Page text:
Clinical profile of pediatric patients with urinary tract infection in a tertiary care centre in Kashmir, India


  • Khalid Kawoosa Royal Gwent Hospital, Wales, United Kingdom
  • Rahid Rasool Malla Department of Pediatrics, SKIMS, Bemina, Srinagar, Jammu and Kashmir, India
  • Sheeraz Ahmad Dar Department of Pediatrics, SKIMS, Soura, Srinagar, Jammu and Kashmir, India
  • Syed Heena Kubravi Department of Opthalmology, GMC Srinagar, Jammu and Kashmir, India



Escherichia coli, Klebsiella spp., Posterior urethral valve, Urinary tract infection, Uropathogen, Vesicoureteral reflux


Background: The urinary tract is a common site of infection in pediatric patients. Author studied the clinical and microbiological profile along with the antibiotic resistance in children with UTI attending centre.

Methods: It was a prospective study was conducted in the Department of Pediatrics, Sheri-Kashmir Institute of Medical Sciences, Srinagar, Jammu and Kashmir, India over a period of one year from August 2017 to August 2018.

A total of 250 children aged 1-36 months were included in the study. A proper history and examination were done in each case. A clean catch mid-stream urine sample was obtained from each child. Quantitative microscopy and urine culture were performed. Standard biochemical tests were done to identify the isolates and for determination of antibiotic sensitivity.

Results: Out of the 250 children studied , a total of 216 children were diagnosed as UTI by positive urine culture.102 were males and 114 were females. Significant pyuria was detected in 85%patients. Fever with irritability was the most common presenting symptom (71%) followed by vomiting (63%) and abdominal pain (52%).The most common uropathogen detected was E. coli (57%) followed by Klebsiella spp. (20%), proteus (16%), pseudomonas (5%), and candida (2%). Majority of the patients responded to treatment with ceftriaxone followed by cefixime. Antibiotic resistance in vitro was least seen with amikacin (25%) followed by nitrofurantoin (11%). 91.3% of UTI detected was nosocomial. Vesicoureteral reflux was found in 49% of patients while 13% were diagnosed with posterior urethral valve.

Conclusions: Urinary tract infection should be considered as one of the most important differential diagnosis in patients with fever attending pediatric OPD. Urine microscopy and culture should be a part of routine diagnostic evaluation in all febrile children. Early treatment of UTI is important to prevent later sequelae including pyelonephritis and renal scarring.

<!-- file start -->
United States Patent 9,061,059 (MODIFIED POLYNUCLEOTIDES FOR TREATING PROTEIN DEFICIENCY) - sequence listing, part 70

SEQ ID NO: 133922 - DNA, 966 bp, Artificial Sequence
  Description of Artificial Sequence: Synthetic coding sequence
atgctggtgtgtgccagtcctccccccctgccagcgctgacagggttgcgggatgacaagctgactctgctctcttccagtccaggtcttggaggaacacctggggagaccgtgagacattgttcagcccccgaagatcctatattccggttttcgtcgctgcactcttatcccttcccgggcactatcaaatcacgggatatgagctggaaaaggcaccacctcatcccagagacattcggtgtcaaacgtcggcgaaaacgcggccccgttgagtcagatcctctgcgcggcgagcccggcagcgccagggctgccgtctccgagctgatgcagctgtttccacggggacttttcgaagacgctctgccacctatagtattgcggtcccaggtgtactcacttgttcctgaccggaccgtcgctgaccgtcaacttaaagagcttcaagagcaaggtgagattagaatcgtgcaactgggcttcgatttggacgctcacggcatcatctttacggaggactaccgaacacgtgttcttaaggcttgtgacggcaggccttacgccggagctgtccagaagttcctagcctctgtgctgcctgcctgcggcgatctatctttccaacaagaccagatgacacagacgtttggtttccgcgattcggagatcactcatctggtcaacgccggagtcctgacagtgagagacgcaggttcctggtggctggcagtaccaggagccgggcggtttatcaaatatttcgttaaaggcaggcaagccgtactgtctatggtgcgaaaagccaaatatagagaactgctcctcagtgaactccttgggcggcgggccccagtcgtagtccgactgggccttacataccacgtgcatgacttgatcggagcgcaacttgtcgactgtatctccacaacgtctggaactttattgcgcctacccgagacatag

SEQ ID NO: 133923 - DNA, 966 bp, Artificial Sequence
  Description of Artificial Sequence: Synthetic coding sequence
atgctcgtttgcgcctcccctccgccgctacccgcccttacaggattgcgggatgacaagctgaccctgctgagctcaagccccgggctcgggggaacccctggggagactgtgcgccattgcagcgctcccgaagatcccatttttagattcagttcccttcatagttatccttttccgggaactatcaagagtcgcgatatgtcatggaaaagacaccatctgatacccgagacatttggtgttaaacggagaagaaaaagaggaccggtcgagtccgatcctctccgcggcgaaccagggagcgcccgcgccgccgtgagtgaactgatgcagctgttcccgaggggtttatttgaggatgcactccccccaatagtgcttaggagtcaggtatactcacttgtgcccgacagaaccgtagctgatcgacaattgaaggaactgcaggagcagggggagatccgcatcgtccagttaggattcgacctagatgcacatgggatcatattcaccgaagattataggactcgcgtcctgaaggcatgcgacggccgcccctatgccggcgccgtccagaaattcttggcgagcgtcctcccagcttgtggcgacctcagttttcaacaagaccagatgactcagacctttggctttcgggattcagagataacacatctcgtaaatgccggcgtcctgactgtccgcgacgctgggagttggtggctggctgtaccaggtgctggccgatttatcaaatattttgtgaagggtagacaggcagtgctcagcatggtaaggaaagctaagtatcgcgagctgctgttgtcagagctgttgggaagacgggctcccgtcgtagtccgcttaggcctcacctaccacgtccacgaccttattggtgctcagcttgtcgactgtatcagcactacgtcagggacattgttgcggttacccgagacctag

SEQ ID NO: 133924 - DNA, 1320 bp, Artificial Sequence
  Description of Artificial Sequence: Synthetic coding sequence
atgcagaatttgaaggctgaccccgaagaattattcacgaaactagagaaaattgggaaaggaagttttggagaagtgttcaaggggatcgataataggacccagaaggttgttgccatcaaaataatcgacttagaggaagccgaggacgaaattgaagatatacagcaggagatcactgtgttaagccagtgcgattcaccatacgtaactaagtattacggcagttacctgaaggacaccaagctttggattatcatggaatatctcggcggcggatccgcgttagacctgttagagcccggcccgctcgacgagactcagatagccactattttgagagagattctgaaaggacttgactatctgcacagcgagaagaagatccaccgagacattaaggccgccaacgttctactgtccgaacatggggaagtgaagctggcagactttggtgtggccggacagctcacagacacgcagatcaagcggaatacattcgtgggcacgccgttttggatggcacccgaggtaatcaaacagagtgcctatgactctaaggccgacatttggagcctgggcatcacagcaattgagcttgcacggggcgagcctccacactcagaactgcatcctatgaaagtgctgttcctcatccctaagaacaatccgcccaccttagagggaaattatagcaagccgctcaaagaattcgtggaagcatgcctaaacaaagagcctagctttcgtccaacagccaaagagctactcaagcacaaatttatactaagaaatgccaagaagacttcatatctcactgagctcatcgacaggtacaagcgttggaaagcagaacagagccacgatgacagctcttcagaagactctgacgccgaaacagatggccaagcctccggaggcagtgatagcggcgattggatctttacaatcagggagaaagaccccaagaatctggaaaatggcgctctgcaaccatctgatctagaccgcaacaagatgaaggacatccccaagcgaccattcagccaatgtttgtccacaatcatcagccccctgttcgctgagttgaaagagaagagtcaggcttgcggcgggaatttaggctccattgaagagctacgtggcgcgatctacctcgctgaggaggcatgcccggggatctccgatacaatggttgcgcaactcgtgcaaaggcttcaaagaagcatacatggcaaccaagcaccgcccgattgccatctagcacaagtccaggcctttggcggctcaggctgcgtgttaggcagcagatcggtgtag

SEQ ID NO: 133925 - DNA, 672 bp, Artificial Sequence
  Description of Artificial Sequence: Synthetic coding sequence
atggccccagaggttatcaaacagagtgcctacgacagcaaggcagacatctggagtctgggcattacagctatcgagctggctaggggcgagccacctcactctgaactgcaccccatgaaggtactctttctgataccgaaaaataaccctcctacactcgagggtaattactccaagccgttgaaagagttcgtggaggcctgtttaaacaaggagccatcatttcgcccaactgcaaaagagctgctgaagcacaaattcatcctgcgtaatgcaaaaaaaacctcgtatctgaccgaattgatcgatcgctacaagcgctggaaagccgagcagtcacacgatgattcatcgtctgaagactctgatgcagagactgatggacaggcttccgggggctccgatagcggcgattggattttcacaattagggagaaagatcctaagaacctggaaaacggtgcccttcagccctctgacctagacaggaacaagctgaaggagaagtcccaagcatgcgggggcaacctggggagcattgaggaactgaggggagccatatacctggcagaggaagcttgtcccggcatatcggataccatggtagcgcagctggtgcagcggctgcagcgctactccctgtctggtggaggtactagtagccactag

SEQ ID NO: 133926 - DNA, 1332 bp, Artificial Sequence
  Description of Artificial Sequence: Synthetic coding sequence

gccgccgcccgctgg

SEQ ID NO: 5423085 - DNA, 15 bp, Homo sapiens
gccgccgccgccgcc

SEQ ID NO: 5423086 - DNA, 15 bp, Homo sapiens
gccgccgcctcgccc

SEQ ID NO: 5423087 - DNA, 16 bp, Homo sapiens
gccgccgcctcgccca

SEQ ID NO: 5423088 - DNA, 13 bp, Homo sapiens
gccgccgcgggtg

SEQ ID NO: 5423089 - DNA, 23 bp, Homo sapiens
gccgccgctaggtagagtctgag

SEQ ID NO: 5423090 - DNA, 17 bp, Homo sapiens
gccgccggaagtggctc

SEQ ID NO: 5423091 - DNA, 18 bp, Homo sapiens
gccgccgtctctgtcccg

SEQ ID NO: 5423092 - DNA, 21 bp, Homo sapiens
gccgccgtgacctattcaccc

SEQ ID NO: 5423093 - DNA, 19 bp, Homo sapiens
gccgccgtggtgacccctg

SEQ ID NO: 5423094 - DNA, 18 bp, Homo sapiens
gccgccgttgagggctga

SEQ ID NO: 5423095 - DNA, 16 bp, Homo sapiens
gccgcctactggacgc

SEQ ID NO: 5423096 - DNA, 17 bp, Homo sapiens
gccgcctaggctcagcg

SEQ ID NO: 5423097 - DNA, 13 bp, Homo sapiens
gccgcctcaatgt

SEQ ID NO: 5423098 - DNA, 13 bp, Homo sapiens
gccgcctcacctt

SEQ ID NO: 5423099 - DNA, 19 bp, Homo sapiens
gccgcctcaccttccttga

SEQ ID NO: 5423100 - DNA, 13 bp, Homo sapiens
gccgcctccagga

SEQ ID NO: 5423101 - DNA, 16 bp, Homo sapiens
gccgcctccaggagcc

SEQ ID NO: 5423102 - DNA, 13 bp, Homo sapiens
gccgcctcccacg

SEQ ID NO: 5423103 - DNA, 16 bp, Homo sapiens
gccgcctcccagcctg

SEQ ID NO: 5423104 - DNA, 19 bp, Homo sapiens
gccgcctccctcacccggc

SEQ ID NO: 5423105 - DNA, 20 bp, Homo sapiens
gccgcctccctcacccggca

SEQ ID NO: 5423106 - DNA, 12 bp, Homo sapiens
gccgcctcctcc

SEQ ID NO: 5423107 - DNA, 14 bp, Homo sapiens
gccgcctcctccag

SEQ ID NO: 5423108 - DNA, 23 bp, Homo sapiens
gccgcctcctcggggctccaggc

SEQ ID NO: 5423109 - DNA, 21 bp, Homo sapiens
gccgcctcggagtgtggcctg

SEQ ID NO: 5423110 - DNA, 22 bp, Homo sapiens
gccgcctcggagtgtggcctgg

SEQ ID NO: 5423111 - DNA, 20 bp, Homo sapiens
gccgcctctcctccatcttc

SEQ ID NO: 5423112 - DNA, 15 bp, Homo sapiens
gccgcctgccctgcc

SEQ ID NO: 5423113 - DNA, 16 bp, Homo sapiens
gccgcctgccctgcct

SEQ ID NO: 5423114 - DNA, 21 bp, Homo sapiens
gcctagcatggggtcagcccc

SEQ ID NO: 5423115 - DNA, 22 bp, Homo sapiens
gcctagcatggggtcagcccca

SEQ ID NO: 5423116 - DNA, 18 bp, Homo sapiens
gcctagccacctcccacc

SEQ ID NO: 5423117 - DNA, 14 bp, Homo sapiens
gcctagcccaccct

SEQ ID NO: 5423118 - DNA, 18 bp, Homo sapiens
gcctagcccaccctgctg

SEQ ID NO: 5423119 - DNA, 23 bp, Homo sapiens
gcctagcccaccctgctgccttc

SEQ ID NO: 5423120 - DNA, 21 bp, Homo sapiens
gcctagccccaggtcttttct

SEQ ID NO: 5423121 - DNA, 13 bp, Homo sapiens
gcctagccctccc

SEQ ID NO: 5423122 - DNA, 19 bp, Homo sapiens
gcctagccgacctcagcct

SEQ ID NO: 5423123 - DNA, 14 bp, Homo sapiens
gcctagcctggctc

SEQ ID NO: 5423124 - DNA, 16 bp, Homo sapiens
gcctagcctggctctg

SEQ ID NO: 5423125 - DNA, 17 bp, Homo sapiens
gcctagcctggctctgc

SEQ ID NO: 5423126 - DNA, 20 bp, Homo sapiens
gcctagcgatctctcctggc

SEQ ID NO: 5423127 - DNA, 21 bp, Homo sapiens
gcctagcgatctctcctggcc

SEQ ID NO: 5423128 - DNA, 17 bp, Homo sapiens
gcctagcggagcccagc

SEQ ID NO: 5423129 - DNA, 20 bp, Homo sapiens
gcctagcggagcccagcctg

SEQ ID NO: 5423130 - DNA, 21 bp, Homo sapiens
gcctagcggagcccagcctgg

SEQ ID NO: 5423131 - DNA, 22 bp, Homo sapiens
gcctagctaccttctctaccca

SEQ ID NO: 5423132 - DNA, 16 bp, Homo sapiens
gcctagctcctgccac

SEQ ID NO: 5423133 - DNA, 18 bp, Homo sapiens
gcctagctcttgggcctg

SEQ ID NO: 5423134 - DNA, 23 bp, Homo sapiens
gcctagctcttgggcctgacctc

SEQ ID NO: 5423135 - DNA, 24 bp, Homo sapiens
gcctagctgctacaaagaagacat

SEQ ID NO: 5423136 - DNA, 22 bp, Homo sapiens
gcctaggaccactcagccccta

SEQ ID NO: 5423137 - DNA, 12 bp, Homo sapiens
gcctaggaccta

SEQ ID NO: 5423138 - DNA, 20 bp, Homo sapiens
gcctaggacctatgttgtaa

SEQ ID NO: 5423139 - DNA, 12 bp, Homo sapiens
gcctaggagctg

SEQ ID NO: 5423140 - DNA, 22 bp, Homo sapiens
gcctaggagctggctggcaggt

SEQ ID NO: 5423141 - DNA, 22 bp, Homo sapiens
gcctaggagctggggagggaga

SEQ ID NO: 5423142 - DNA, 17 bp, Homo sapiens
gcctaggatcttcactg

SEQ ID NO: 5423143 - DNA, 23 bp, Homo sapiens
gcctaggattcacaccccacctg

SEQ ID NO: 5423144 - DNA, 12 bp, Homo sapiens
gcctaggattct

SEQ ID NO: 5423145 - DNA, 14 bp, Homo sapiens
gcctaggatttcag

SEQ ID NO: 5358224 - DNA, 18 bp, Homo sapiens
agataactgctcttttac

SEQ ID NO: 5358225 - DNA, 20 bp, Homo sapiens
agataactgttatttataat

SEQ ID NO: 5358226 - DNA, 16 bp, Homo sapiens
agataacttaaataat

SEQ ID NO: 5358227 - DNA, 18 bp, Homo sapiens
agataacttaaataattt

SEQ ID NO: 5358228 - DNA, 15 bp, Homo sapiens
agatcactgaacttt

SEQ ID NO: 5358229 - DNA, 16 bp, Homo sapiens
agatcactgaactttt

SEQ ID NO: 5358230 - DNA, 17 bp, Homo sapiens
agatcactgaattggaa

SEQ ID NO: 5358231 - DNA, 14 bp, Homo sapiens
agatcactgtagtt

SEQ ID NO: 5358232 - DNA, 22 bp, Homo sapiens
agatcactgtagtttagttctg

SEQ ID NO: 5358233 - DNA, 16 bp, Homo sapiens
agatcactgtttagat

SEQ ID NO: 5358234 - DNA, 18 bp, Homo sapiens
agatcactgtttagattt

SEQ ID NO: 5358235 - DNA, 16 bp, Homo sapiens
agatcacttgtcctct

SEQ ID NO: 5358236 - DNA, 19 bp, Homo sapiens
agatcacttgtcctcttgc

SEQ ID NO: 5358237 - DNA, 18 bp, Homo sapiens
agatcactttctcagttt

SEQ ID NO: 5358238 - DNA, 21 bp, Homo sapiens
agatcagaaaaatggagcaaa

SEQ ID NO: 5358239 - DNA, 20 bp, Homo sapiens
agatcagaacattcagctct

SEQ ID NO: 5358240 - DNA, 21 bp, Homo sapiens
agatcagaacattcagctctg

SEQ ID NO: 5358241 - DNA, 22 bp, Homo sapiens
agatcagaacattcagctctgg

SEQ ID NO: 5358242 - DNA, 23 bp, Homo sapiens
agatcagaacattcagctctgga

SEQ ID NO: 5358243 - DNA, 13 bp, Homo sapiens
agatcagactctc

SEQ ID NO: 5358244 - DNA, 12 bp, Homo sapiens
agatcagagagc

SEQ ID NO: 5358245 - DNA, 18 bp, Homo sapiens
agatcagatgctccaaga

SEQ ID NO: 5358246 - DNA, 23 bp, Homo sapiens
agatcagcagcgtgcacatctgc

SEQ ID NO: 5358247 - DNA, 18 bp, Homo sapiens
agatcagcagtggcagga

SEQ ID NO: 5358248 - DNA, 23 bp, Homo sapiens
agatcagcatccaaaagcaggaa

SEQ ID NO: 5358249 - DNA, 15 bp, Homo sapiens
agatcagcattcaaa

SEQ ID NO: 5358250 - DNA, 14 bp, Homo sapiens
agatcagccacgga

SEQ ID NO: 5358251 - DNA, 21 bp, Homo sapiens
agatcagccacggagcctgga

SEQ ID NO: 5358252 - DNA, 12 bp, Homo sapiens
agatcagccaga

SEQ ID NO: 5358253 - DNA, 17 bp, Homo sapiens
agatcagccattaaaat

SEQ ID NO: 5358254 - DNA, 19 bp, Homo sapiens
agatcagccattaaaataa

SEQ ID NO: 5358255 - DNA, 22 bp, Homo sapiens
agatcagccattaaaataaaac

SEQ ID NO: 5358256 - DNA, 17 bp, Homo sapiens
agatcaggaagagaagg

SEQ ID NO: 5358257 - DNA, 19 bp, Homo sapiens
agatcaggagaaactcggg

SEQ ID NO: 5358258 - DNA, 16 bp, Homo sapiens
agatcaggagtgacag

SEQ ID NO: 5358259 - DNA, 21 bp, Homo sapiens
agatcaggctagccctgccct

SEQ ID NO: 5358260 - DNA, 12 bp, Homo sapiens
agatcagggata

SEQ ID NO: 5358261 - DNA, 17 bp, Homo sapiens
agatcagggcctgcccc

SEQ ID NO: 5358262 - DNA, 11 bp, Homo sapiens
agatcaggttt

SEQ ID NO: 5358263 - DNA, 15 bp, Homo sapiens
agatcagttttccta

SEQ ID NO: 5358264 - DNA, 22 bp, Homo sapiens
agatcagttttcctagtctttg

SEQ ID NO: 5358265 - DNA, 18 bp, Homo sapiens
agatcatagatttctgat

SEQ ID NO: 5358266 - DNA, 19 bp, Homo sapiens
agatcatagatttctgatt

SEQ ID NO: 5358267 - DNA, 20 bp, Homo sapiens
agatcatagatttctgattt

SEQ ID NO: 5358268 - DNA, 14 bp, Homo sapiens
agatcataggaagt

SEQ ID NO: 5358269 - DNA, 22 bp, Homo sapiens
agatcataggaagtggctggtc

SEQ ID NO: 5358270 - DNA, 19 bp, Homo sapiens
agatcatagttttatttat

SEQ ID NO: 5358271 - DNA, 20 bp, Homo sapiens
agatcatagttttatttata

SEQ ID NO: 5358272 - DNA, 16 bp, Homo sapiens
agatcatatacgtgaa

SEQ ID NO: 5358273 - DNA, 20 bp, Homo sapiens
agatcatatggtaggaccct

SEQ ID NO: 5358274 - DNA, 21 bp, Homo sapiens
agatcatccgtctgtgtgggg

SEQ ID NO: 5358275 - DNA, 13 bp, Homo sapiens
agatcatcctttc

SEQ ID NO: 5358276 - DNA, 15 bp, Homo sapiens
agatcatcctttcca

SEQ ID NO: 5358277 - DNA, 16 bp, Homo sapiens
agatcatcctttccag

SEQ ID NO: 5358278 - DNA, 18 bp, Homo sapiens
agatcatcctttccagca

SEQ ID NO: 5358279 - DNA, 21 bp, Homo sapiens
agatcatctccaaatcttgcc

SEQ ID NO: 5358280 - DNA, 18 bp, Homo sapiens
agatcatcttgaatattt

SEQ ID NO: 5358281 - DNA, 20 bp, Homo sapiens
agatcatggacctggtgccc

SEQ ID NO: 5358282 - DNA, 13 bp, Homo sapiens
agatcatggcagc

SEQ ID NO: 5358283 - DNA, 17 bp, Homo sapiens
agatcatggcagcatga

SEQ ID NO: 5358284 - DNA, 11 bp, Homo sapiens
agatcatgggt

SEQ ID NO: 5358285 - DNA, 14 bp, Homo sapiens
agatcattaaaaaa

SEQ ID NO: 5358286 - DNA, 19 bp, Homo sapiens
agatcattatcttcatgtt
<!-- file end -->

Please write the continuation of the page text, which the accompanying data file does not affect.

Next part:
Benador D, Benador N, Slosman D. Are younger children at highest risk of renal sequelae after pyelonephritis? Lancet. 1997;349(9044):17-9.

Smellie JM, Prescod NP, Shaw PJ, Risdon RA, Bryant TN. Childhood reflux and urinary infection: a follow-up of 10-41 years in 226 adults. Pediatric Nephrol. 1998;12(9):727-36.

Pylkkanen J, Vilska J, Koskimies O. The value of level diagnosis of childhood urinary tract infection in predicting renal injury. Acta Paediatr Scand. 1981;70(6):879-83.

Stokland E, Hellstrom M, Jacobsson B. Renal damage one year after first urinary tract infection: role of dimercaptosuccinic acid scintigraphy. J Pediatr. 1996;129(6):815-20.

Narasimhan KL, Chowdhary SK, Kaur B, Mittal BR, Bhattacharya A. Factors affecting renal scarring in posterior urethral valves. J Pediatr Urol. 2006;2: 569-74.

Narasimhan KL, Mahajan JK, Kaur B, Mittal BR, Bhattacharya A. The vesicoureteral reflux dysplasia syndrome in patients with posterior urethral valves. J Urol. 2005;174:1433-5.

American Academy of Pediatrics Committee on Quality Improvement, Subcommittee on Urinary Tract Infection. Practice parameter: the diagnosis, treatment, and evaluation of the initial urinary tract infection in febrile infants and young children. Pediatrics. 1999;103(4): 843-52.

Smellie JM, Hodson CJ, Edwards D. Clinical and radiological features of urinary infection in childhood. BMJ. 1964;5419:1222-6.

Yamamoto S, Tsukamoto T, Terai A. Genetic evidence supporting the fecal-perinealurethral hypothesis in cystitis caused by Escherichia coli. J Urol. 1997;157(3):1127-9.

Cox CE, Hinman F. Experiments with induced bacteriuria, vesical emptying and bacterial growth on the mechanism of bladder defense to infection. J Urol. 1961;86:739-48.

Subcommittee on urinary tract infection and steering committee on quality improvement and management. Urinary tract infection: clinical practice guideline for the diagnosis and management of the initial UTI in febrile infants and children 2 to 24 months. Pediatrics. 2011;128:595-610.

Malhotra SM, Kennedy II WA. Urinary tract infections in children: treatment. Urol Clin North Am. 2004;31(3):527-34.

Hoberman A, Wald ER, Hickey RW. Oral versus initial intravenous therapy for urinary tract infections in young febrile children. Pediatrics. 1999;104(1):79-86.

Smellie JM, Ransley PG, Normand IC. Development of new renal scars: a collaborative study. Brit Med J (Clin Res Ed). 1985;290(6486):1957-60.

Koyle MA, Barqavi A, Wild J. Pediatric urinary tract infection: the role of fluoroquinolones. Pediatric Infect Dis J. 2003:22(12):1133-7.

Jahnukainen T, Chen M, Celsi G. Mechanisms of renal damage owing to infection. Pediatr Nephron. 2005;20(8):1043-53.

Jacobson SH, Eklof O, Eriksson CG. Development of hypertension and uraemia after pyelonephritis in childhood: 27 year follow up. BMJ. 1989;299(6701):703-6.

Gill DG, Costa B, Cameron JS. Analysis of 100 children with severe and persistent hypertension. Arch Dis Child. 1976;51(12):951-6.






Original Research Articles